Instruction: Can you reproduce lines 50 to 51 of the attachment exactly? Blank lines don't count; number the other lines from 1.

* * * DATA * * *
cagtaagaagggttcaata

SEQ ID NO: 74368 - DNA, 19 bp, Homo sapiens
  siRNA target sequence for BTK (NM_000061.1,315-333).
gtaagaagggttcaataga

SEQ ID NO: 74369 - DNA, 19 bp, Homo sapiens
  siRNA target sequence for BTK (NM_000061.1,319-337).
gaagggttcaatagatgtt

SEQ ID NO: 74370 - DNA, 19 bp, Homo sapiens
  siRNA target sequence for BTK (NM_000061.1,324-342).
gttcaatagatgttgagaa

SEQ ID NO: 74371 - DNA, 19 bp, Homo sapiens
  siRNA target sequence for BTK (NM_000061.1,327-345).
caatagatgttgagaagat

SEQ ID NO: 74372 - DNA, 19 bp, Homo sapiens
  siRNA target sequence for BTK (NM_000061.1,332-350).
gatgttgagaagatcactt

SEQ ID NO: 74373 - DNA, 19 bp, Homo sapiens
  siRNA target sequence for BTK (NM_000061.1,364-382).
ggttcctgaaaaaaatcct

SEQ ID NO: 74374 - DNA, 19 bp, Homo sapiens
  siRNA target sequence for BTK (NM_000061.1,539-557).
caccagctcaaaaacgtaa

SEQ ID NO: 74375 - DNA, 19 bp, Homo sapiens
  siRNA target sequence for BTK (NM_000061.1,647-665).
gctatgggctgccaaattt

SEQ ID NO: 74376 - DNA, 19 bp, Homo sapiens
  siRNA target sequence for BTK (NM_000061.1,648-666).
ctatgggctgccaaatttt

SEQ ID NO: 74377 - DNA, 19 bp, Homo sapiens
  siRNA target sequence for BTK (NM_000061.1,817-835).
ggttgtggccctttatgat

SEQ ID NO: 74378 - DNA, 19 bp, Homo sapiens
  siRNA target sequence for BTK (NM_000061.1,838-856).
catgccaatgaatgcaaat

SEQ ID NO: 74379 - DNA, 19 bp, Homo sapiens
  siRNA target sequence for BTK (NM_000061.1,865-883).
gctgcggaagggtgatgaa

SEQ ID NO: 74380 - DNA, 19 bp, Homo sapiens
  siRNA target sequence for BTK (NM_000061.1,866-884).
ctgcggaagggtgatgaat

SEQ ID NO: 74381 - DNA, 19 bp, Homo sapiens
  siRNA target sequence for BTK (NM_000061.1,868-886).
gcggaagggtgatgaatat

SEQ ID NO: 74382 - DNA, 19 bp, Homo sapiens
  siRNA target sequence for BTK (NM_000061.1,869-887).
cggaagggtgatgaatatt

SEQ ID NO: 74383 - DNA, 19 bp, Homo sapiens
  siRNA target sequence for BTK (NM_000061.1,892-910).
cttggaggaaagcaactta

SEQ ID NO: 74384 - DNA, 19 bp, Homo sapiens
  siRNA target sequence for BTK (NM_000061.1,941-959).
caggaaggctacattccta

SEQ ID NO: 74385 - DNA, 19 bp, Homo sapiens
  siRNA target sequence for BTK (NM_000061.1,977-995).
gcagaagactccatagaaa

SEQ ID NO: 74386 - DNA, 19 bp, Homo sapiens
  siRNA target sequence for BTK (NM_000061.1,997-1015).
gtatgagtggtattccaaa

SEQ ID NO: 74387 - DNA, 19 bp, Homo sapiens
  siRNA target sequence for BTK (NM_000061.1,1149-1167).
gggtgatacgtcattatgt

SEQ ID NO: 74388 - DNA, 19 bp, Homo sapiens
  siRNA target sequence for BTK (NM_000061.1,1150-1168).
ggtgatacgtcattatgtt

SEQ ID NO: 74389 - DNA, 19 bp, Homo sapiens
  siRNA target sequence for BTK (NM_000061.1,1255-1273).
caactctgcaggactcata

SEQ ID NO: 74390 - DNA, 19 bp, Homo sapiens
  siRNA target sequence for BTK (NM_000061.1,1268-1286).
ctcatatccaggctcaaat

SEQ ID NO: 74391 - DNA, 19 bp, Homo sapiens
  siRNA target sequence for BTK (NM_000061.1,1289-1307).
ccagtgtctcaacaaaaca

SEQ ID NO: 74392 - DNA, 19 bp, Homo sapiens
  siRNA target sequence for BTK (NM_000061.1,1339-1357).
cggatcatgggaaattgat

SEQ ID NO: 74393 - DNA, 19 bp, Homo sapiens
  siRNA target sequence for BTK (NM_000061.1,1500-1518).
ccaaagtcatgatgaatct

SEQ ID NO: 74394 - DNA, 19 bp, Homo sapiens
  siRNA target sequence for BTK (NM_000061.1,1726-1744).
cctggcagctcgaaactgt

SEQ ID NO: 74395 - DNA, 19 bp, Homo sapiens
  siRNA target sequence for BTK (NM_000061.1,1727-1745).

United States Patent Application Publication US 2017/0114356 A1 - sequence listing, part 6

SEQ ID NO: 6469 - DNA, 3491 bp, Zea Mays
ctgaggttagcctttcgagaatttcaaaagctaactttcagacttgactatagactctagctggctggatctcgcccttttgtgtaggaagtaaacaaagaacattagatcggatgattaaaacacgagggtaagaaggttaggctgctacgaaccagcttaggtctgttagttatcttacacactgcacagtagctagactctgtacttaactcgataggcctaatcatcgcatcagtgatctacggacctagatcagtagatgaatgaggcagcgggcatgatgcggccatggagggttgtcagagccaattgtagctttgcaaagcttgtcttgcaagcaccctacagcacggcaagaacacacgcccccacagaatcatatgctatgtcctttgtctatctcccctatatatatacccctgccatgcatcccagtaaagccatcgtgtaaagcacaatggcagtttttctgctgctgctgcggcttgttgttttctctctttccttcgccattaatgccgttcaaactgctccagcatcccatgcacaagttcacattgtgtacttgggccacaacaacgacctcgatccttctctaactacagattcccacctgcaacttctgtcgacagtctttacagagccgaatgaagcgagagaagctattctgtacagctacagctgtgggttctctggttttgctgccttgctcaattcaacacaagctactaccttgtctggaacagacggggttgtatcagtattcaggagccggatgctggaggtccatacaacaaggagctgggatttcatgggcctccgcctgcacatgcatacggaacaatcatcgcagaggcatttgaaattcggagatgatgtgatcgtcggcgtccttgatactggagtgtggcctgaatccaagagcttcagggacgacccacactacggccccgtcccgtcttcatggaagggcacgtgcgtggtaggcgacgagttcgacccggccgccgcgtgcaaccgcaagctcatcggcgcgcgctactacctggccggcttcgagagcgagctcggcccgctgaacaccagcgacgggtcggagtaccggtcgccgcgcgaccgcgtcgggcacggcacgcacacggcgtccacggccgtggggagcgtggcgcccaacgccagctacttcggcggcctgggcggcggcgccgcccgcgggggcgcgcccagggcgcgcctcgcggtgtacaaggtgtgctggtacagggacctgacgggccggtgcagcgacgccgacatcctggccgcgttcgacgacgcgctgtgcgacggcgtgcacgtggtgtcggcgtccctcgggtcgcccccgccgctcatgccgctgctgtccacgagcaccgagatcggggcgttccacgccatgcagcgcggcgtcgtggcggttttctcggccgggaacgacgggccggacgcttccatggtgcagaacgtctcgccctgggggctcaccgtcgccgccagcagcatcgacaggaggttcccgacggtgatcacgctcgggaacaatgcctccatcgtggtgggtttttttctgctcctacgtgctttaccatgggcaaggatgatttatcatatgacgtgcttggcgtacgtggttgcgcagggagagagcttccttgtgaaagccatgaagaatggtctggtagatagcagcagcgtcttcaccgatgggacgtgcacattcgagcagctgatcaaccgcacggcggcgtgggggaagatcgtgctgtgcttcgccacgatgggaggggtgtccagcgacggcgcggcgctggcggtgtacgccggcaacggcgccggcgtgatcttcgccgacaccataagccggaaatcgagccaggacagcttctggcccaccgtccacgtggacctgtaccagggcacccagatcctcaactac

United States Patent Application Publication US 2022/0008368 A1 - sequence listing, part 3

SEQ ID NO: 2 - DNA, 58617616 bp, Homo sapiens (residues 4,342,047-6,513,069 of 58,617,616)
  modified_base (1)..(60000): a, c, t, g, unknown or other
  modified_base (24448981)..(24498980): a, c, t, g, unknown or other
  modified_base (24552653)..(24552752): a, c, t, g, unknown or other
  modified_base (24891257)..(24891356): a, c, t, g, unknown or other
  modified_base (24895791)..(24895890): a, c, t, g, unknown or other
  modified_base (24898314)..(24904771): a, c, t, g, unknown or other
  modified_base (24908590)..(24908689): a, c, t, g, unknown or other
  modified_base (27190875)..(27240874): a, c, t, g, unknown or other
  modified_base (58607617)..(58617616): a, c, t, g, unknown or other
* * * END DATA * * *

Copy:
SEQ ID NO: 74384 - DNA, 19 bp, Homo sapiens
  siRNA target sequence for BTK (NM_000061.1,941-959).